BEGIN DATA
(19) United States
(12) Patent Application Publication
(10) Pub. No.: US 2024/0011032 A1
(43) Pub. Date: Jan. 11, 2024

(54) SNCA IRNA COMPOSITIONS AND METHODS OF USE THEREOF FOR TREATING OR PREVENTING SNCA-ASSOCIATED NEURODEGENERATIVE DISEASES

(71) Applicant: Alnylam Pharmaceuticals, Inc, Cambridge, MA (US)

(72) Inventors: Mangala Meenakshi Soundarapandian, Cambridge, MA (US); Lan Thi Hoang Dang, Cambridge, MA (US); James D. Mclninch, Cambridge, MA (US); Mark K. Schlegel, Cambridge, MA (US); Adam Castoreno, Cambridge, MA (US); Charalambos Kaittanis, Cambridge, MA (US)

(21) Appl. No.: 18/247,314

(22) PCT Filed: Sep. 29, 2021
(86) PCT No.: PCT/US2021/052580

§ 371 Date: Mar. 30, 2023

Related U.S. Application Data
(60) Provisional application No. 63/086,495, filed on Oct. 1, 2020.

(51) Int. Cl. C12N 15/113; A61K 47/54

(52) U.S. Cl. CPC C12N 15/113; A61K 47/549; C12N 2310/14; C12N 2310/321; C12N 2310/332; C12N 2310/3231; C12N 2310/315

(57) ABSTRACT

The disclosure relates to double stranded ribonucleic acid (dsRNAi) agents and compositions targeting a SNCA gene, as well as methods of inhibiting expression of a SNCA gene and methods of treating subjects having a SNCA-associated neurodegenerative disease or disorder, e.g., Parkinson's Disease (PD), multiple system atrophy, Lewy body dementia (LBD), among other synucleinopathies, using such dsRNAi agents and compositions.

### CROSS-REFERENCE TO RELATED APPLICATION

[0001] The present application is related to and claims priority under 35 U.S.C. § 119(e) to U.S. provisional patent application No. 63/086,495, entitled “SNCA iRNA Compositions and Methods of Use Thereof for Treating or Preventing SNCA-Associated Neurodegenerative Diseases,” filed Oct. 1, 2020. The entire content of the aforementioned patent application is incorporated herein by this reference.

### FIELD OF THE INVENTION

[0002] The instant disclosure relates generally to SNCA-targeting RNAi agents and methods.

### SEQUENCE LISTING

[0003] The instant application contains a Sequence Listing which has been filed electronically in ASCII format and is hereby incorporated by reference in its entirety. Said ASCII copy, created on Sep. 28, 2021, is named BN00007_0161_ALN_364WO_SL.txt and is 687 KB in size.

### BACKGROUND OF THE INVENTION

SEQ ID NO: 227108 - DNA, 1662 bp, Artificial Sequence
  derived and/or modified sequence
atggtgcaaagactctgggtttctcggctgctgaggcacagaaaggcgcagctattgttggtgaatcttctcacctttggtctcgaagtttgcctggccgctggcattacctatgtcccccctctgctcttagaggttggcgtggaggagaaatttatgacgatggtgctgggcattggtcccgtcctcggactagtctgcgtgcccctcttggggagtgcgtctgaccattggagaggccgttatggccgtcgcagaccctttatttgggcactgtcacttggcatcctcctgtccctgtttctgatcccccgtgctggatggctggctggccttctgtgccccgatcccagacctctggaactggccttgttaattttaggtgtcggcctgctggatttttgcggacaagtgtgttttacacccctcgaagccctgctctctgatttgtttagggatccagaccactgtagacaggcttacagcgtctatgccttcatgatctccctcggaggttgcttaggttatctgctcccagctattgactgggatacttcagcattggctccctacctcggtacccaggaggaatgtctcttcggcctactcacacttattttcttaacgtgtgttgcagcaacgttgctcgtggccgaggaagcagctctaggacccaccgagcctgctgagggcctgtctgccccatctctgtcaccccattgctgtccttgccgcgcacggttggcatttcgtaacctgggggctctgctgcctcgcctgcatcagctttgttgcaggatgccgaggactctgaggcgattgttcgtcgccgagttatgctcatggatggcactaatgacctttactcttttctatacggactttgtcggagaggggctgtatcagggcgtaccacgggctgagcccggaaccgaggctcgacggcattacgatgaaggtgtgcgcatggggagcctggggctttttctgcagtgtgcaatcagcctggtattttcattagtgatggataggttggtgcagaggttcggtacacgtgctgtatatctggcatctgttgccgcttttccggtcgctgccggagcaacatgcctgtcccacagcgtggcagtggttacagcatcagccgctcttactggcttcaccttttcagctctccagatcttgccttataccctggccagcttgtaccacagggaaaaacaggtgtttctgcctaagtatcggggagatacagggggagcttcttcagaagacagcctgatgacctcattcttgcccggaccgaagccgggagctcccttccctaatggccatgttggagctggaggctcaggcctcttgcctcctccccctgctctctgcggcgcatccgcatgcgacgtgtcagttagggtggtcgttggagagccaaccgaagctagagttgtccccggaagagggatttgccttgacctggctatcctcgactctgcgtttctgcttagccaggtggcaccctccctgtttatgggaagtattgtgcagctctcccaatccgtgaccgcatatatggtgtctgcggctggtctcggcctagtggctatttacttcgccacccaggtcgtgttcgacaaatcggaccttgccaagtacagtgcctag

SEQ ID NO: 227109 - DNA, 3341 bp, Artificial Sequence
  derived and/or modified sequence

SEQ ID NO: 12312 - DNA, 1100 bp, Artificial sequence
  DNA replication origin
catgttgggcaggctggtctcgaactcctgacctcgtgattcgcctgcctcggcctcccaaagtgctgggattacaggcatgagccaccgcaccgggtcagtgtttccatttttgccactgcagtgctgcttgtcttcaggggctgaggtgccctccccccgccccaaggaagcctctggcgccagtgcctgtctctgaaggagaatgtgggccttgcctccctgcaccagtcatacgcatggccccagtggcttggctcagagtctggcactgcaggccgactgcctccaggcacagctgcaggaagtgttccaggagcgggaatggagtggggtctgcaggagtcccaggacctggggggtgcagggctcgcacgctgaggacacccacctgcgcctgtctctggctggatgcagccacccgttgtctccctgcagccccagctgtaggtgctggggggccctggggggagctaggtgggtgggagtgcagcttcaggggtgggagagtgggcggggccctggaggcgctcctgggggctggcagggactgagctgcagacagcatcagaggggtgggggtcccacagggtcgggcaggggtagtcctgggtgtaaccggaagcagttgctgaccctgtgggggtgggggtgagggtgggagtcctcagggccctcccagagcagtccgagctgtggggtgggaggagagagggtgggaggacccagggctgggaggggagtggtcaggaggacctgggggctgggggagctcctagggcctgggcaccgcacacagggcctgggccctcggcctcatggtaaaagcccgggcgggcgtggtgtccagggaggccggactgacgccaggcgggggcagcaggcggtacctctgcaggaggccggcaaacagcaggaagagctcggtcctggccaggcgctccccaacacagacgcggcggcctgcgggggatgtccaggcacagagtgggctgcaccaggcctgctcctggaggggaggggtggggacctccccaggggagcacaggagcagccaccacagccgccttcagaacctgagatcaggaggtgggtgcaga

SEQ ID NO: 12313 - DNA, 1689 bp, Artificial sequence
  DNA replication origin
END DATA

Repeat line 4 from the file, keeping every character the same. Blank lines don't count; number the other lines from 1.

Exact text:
(43) Pub. Date: Jan. 11, 2024